Stacy Rapacon: Great Funds You Can Own for $500 or Less

Cameron Huddleston: 7 Ways to Save on Home Decor

The Kosher Gourmet by Steve Petusevsky Exploring ingredients as edible-stuffed containers (TWO RECIPES + TIPS & TECHINQUES)

Jewish World Review Oct. 1, 2007 / 19 Tishrei 5768

Gingrich bows out, thankfully

By Debra J. Saunders

Debra J. Saunders
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http://www.JewishWorldReview.com | Former House Speaker Newt Gingrich talks a great game. He gives good quote. Consider this vintage Gingrich sound-bite in the Las Vegas Review-Journal last week: "I am fed up with the excuses we're given for spending too much, doing too little and not being honest about reality. I think we need to have the moral courage, and frankly the psychological courage, to understand that politics is not a game. I am for a clean break." In that spirit, Gingrich told Fox News last Sunday that he felt "a responsibility to run" for president if his supporters can muster $30 million in campaign pledges.

The fantasy ended Saturday, when a spokesman announced that Gingrich would not be running for president in 2008. Instead, he will remain head of the tax-exempt group American Solutions.

It's just as well. He would have been the wrong choice at the wrong time for the Republican party.

It's true, Gingrich put together a brilliant campaign to win Republican control of the House in 1994. Since he resigned as speaker in 1998, he has used his gift of gab to say things incumbents are too careful to say. Of late, Gingrich has become a go-to guy for GOPers dissatisfied with George W. Bush, and journalists in search of a quick quote hitting Bush on his handling of the Iraq war or, for example, a Republican who called early on for Attorney General Alberto Gonzales to resign.

All that attention can go to a man's big head — and Gingrich does have a big head. So it's no small wonder that Gingrich hasn't figured out that he comes across as charming and thoughtful only because he no longer is in office. When Gingrich was speaker, and his rhetoric often did not comport with his conduct in power, he came across as a windbag.

Like most voters, I do not want to judge a man harshly on his personal life and marriage. But there are candidates — pick your fave — who make it impossible to look away. Gingrich did so as he talked up "family values" while stepping out on his second wife and courting the present and third Mrs. G.

When the GOP was out of power, Gingrich was the firebrand who took on entrenched Democrats who had turned the House into their own private club. But when he assumed the speakership, he turned into the very type of politician he had once assailed.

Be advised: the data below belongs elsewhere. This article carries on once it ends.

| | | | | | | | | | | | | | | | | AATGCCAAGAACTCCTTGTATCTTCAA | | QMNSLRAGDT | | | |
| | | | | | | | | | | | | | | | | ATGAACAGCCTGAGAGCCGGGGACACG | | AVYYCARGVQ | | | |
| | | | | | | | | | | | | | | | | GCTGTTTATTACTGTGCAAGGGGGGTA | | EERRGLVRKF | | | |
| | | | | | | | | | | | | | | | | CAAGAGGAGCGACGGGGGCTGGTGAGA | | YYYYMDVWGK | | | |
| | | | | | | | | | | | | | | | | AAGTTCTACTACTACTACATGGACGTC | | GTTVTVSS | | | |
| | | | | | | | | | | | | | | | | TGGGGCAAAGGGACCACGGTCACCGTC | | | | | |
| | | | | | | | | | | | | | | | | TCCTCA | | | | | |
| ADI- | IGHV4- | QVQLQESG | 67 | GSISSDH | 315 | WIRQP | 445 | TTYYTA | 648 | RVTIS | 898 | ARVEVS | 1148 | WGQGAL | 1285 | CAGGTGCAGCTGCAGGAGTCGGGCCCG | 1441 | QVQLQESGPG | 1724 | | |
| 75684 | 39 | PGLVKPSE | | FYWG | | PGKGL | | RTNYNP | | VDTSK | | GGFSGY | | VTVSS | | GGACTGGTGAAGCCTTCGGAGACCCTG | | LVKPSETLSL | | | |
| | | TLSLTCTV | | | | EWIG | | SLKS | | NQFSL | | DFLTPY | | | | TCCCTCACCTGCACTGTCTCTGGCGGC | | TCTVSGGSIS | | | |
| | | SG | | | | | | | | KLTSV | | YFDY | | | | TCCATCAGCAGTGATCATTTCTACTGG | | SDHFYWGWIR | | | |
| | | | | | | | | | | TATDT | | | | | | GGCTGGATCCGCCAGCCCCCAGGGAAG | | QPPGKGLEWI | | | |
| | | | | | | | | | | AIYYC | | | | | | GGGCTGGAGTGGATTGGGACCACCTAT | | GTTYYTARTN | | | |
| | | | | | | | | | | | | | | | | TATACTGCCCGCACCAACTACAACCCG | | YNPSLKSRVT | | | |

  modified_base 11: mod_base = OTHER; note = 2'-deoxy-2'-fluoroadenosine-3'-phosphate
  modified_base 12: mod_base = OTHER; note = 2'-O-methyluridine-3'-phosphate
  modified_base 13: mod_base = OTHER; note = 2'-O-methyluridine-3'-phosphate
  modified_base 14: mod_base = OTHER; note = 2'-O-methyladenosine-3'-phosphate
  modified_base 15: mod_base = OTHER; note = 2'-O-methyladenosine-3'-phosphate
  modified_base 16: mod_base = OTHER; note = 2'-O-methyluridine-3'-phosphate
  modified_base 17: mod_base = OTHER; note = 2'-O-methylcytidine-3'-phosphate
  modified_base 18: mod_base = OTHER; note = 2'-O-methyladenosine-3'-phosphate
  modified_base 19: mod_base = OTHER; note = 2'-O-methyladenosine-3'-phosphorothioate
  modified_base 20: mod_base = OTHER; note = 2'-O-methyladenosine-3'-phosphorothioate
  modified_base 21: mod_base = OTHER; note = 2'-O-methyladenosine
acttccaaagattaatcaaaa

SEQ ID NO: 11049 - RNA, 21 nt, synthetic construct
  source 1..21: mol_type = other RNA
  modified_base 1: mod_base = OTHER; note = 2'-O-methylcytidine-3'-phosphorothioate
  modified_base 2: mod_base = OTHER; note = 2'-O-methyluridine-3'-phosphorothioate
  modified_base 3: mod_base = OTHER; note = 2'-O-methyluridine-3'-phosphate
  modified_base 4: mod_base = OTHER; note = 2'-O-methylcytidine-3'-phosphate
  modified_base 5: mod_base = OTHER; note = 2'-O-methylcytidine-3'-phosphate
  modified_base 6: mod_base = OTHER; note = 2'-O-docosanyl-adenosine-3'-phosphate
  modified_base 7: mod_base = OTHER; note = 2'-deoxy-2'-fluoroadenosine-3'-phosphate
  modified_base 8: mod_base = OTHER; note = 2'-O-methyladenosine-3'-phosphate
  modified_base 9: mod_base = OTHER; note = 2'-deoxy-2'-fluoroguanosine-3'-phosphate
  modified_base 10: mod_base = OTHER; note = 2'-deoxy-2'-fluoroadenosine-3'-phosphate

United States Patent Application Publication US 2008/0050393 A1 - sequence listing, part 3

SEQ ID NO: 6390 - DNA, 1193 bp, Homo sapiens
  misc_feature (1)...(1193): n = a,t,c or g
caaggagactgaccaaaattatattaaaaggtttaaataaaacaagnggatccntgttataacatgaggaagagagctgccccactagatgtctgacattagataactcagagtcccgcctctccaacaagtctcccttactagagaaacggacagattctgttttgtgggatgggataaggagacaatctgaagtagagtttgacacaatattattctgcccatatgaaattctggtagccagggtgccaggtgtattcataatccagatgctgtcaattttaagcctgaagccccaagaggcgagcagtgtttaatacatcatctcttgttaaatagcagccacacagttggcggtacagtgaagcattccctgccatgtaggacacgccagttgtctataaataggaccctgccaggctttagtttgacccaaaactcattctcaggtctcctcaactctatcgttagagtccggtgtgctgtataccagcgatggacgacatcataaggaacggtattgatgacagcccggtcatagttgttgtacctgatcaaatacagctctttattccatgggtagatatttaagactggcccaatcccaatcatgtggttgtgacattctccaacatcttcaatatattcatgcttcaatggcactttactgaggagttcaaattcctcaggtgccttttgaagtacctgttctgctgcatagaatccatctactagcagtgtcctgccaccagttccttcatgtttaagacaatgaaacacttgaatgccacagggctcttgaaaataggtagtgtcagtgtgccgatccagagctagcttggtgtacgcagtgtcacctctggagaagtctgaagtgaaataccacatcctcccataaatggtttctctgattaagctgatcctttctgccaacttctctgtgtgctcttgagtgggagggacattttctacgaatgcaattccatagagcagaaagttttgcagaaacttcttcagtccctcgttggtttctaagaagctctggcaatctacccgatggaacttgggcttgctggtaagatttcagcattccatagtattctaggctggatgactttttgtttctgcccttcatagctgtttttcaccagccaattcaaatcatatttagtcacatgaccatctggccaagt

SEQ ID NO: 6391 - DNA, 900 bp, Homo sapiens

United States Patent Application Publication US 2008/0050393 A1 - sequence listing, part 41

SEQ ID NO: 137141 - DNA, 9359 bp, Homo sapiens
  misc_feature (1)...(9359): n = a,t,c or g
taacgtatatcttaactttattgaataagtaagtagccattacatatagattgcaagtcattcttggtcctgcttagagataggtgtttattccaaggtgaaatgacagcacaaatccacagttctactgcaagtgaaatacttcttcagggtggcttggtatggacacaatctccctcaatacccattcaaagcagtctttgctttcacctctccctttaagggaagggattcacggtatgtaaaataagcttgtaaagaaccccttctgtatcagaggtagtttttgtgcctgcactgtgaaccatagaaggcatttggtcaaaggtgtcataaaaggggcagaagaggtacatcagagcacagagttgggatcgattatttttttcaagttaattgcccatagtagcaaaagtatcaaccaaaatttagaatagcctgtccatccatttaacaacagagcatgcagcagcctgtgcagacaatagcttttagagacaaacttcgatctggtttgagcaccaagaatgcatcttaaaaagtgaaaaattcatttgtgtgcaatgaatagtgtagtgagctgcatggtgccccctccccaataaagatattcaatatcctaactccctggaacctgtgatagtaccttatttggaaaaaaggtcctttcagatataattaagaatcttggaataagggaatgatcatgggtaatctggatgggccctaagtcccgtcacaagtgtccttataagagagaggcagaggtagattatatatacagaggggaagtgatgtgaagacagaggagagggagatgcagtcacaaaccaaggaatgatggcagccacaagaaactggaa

Gingrich maneuvered around House rules that prohibited members from accepting speaking fees from special interests, by allowing Atlantic Richfield Company to bankroll a 1997 speaking trip to London. The Gingrich entourage included his wife and two aides. In five short days they burned through more than $40,000. Unbowed, Gingrich explained to the Washington Post, "Every American should make this trip."

Speaker Gingrich was forced to admit that he had written "inaccurate and misleading" letters to the House ethics committee — which earned him a whopping $300,000 fine. The committee had been looking into the questionable tax-deductible status of donations to fund a college course he taught, "Renewing American Civilization." It was more than ironic that America's Cato could not teach a simple course on this country's "core values" without being greased to the tune of $300,000 to $450,000 in donations.

The worst of it is that Gingrich misbehaved in such a blatant manner — even though he knew that Democratic leaders were gunning for him. He all but handed them the bullets, and let a Clinton roll him.

Gingrich also had a starring role in the 1995 federal government shutdown, which turned out to be a political disaster for the GOP. And he didn't help himself when he told reporters that he maneuvered the shutdown in part because he was angry at a perceived snub from President Clinton. The Newter believes Clinton failed to show him and Senate Majority Leader Bob Dole sufficient courtesy by having them exit Air Force One by the rear stairs. The New York Daily News summed up the story well with the headline, "CRY BABY."

Later, although Gingrich argued Republicans were "committed to making government leaner, more efficient and cost effective," his House passed such big-spending measures as a landmark pork-laden public works bill. The out-of-control growth in government under Bush that so angered the GOP base was in play in Casa Gingrich.

When you look at the reasons voters rejected the GOP in 2006 - profligate spending, corruption and hypocrisy — it's would have been hard to argue for a Gingrich candidacy.

He had his chance — and he blew it.

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© 2007, Creators Syndicate